|Publication number||US5504274 A|
|Application number||US 08/309,295|
|Publication date||Apr 2, 1996|
|Filing date||Sep 20, 1994|
|Priority date||Sep 20, 1994|
|Also published as||CA2200439A1, CA2200439C, CN1080444C, CN1158179A, DE69509106D1, DE69509106T2, EP0782751A1, EP0782751B1, WO1996009630A1|
|Publication number||08309295, 309295, US 5504274 A, US 5504274A, US-A-5504274, US5504274 A, US5504274A|
|Inventors||Brian L. McCabe, Edward L. Kirchner|
|Original Assignee||United Technologies Corporation|
|Export Citation||BiBTeX, EndNote, RefMan|
|Patent Citations (10), Referenced by (49), Classifications (10), Legal Events (5)|
|External Links: USPTO, USPTO Assignment, Espacenet|
This invention relates to braided shielding for a wire harness, which braided shielding is flexible and lightweight. More particularly this invention relates to a braided wire harness shield which has an open weave configuration and provides protection against electrical transients resulting from lightning strikes, and provides protection against electromagnetic interference (EMI). The braid exhibits lower (better) surface transfer impedance than conventional braided shielding for frequencies below 50 MHz. Surface transfer is an intrinsic parameter of a shield that corresponds directly to shielding effectiveness and lightning protection capability.
Wire harnesses which are used in aircraft, ships and in-ground installations are typically encased in a protective shield which is formed from multi-strand carriers which are braided onto the wire harness. The purpose of the shield is to protect the wire harness against lightning strikes and EMI. The conventional approach to providing the aforesaid protection has been to provide maximum area coverage for the wire harness with the braid, typically 85 to 95%. This approach has been taken in part because of the perceived need to provide high frequency (above 50 MHz) EMI shielding for the wire harness. The resultant braid has been conventionally formed with a relatively large angle of strand carrier application onto the wire harness, i.e., typically about 60 degrees.
The weight of the shielding is a significant factor in the overall weight of the wiring components in a facility which requires such shielding. The use of the wire harness braided shielding has increased in recent years due primarily to two considerations, which are:
1) the use of electronic systems to replace mechanical devices, especially in aircraft flight controls; and
2) the use of composite materials which utilize graphite to replace metal structures in aircraft and other craft
We have determined that electronic equipment can be protected against high-frequency EMI by filtering the input and output wiring using light weight components, such as pin-filter connectors, and that such filtering is sufficient to protect against frequencies greater than 50 MHz in most applications. Thus, a braided shield providing high frequency protection is unnecessary, and may only add weight and stiffness to the wiring assembly. These weight and stiffness characteristics are not desirable, especially in aircraft applications.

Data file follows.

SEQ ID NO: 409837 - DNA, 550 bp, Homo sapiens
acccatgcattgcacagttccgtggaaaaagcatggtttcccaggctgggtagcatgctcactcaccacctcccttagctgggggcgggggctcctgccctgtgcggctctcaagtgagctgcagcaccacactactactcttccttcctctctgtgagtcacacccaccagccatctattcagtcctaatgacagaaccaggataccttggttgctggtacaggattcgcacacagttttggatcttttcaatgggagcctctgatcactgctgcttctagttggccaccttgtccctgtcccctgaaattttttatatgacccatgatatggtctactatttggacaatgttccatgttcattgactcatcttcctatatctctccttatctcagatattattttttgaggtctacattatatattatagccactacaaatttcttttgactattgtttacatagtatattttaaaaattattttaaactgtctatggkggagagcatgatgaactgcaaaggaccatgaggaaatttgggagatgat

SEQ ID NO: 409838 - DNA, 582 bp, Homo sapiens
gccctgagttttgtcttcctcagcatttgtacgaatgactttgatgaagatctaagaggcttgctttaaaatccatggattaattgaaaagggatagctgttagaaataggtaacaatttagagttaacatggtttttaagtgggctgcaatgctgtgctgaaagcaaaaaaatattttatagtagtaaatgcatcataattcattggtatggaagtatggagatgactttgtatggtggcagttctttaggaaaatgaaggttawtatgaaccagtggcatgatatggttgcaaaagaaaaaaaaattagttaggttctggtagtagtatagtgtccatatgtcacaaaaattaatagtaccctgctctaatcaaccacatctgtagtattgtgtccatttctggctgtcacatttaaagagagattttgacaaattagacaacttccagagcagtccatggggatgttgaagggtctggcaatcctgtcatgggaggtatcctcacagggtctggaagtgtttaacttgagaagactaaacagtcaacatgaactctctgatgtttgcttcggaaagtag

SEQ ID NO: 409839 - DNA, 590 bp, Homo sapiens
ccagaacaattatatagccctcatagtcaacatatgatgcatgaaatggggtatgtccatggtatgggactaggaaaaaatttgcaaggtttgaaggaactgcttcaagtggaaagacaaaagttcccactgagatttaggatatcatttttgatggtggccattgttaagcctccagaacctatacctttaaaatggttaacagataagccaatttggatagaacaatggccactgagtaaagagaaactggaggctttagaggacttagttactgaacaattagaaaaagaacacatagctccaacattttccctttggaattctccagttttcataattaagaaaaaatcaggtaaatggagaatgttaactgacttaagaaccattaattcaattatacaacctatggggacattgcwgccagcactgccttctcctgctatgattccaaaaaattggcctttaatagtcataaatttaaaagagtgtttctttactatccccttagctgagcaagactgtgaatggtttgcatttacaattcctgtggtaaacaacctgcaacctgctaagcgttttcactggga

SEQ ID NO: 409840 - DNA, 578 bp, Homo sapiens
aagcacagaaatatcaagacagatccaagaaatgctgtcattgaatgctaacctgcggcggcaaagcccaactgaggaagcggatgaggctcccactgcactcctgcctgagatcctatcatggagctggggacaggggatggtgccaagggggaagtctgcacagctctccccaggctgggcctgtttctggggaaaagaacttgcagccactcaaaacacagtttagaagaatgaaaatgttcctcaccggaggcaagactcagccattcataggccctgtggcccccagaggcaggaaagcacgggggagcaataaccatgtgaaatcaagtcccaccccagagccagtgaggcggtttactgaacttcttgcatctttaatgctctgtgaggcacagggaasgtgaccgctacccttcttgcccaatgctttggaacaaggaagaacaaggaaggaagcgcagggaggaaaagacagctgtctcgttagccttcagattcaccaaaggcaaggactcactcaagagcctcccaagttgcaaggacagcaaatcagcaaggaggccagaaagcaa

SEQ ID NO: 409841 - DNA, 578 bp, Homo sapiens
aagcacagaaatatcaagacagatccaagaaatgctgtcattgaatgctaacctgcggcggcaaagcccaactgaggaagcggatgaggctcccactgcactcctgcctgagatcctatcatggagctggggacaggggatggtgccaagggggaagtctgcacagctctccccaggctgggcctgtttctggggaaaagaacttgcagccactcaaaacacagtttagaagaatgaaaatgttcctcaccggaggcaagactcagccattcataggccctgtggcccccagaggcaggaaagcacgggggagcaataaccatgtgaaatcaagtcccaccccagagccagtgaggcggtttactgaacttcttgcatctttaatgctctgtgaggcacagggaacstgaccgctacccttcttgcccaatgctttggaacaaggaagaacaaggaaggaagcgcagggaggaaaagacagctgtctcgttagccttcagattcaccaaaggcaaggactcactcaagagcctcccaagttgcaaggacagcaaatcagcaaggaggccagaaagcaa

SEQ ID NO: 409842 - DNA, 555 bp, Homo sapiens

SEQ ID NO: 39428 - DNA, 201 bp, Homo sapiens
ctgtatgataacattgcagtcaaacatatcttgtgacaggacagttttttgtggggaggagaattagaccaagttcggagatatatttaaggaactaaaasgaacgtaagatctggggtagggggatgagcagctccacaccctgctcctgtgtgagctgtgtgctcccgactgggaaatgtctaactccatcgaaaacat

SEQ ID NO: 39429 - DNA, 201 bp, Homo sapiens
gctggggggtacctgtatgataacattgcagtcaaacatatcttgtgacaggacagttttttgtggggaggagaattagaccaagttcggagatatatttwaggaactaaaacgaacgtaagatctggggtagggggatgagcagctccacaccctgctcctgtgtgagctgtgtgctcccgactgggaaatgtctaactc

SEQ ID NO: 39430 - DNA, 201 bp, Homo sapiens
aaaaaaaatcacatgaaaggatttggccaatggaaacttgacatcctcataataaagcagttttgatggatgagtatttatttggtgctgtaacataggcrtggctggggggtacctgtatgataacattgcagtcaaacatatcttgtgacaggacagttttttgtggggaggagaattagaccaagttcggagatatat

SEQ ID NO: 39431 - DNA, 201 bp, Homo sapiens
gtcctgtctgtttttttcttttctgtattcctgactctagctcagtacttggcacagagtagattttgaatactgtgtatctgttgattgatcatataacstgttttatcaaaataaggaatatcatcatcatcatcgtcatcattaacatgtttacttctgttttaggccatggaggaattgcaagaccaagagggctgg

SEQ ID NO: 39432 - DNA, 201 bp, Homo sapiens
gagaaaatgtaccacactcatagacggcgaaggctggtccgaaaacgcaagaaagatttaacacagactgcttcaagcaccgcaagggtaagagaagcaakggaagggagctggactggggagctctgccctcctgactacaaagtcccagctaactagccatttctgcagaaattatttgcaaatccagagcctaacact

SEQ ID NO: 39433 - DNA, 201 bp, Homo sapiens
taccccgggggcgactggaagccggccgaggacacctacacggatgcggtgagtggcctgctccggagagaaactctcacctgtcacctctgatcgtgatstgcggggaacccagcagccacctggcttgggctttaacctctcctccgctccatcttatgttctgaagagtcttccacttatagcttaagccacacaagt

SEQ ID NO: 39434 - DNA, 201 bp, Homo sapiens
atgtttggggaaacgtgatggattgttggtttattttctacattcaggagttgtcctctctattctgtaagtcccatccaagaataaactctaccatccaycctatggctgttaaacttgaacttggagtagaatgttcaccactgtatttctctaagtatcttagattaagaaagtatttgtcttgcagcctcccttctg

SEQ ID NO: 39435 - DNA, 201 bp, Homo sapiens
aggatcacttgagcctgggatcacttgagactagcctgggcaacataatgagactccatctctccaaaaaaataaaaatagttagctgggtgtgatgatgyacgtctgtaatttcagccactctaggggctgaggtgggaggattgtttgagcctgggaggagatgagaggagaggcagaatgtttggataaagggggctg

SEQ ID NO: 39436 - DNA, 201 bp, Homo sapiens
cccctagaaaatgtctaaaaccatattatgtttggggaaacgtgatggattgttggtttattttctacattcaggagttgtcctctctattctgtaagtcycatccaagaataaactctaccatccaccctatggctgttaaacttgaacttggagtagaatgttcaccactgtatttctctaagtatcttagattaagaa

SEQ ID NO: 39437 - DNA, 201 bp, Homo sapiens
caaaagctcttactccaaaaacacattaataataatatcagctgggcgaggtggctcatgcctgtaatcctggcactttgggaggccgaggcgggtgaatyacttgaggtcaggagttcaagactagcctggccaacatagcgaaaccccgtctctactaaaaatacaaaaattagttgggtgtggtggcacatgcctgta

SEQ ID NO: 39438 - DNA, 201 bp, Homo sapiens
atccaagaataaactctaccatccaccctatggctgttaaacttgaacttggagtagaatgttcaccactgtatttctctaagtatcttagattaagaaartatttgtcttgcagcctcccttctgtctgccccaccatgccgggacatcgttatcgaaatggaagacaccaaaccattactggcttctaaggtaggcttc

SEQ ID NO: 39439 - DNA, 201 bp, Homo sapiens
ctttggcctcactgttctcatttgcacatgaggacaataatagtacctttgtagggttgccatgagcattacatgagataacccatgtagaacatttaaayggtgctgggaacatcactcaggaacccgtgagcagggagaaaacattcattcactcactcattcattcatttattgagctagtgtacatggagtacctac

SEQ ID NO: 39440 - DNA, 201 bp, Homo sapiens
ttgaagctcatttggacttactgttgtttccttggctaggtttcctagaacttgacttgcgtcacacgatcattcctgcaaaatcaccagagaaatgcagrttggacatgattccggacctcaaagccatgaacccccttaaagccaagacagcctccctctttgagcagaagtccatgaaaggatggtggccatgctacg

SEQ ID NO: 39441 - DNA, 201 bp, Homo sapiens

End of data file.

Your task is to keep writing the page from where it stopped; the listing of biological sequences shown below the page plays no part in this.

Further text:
Wire shielding is required to provide low frequency shielding for lighning protection and to preclude interference due to low frequency external electromagnetic fields. The lightning requirement stems from large transient voltages that result when lightning current flows in a resistive structure. The external field requirement arises from the fact that filter components for low frequencies are physically large and therefore impractical for applications where weight is critical, and furthermore, that such filters may interfere with proper functioning of the equipment. Therefore, wire harness shielding is needed to prevent interference from low-frequency sources.
It would be desirable to provide a wire harness shielding braid which is both flexible and light-weight, and yet provides the necessary shielding protection.
This invention relates to a braided electrical shielding for an electrical wire harness, which braided shielding consists of an open braid that provides coverage for less than the entire outer surface of the wire harness, and therefore produces a lighter and more flexible braided shielding. A primary application of this invention is in lightweight lightning protection of electronic equipment installed in moderately conductive structures, such as a graphite aircraft fuselage. The invention can also be used in conjunction with non-aircraft applications which require electromagnetic protection of electronic equipment, whether installed on metallic or non-metallic structures.
The percentage of wire harness coverage provided by the shielding of this invention can be as low as about 60%, and can go as high as about 70% without unduly sacrificing the desired reduction in weight and flexibility. In order to obtain the desired flexibility and weight reduction, the carrier strands of the braid are laid onto the wire harness at a relatively flat angle in the range of about eighteen degrees to about twenty four degrees, and preferably about twenty degrees, relative to the axis of the harness. The aforesaid flat braid carrier angle results in a braid which has between three and eight picks per inch, with a typical number of picks per inch being four.
Present day government specs, as defined in MIL-C-27500, call for a minimum of 85% coverage of the wiring harness by the braid, and call for a braid angle in the range of eighteen to forty degrees. In practice, one cannot achieve a minimum coverage of 85% with a carrier angle in the lower end of the aforesaid range, therefore, the braid carriers are laid onto the wiring harness at angles which are at the higher end of the aforesaid range and even above the forty degree angle, up to about sixty degrees.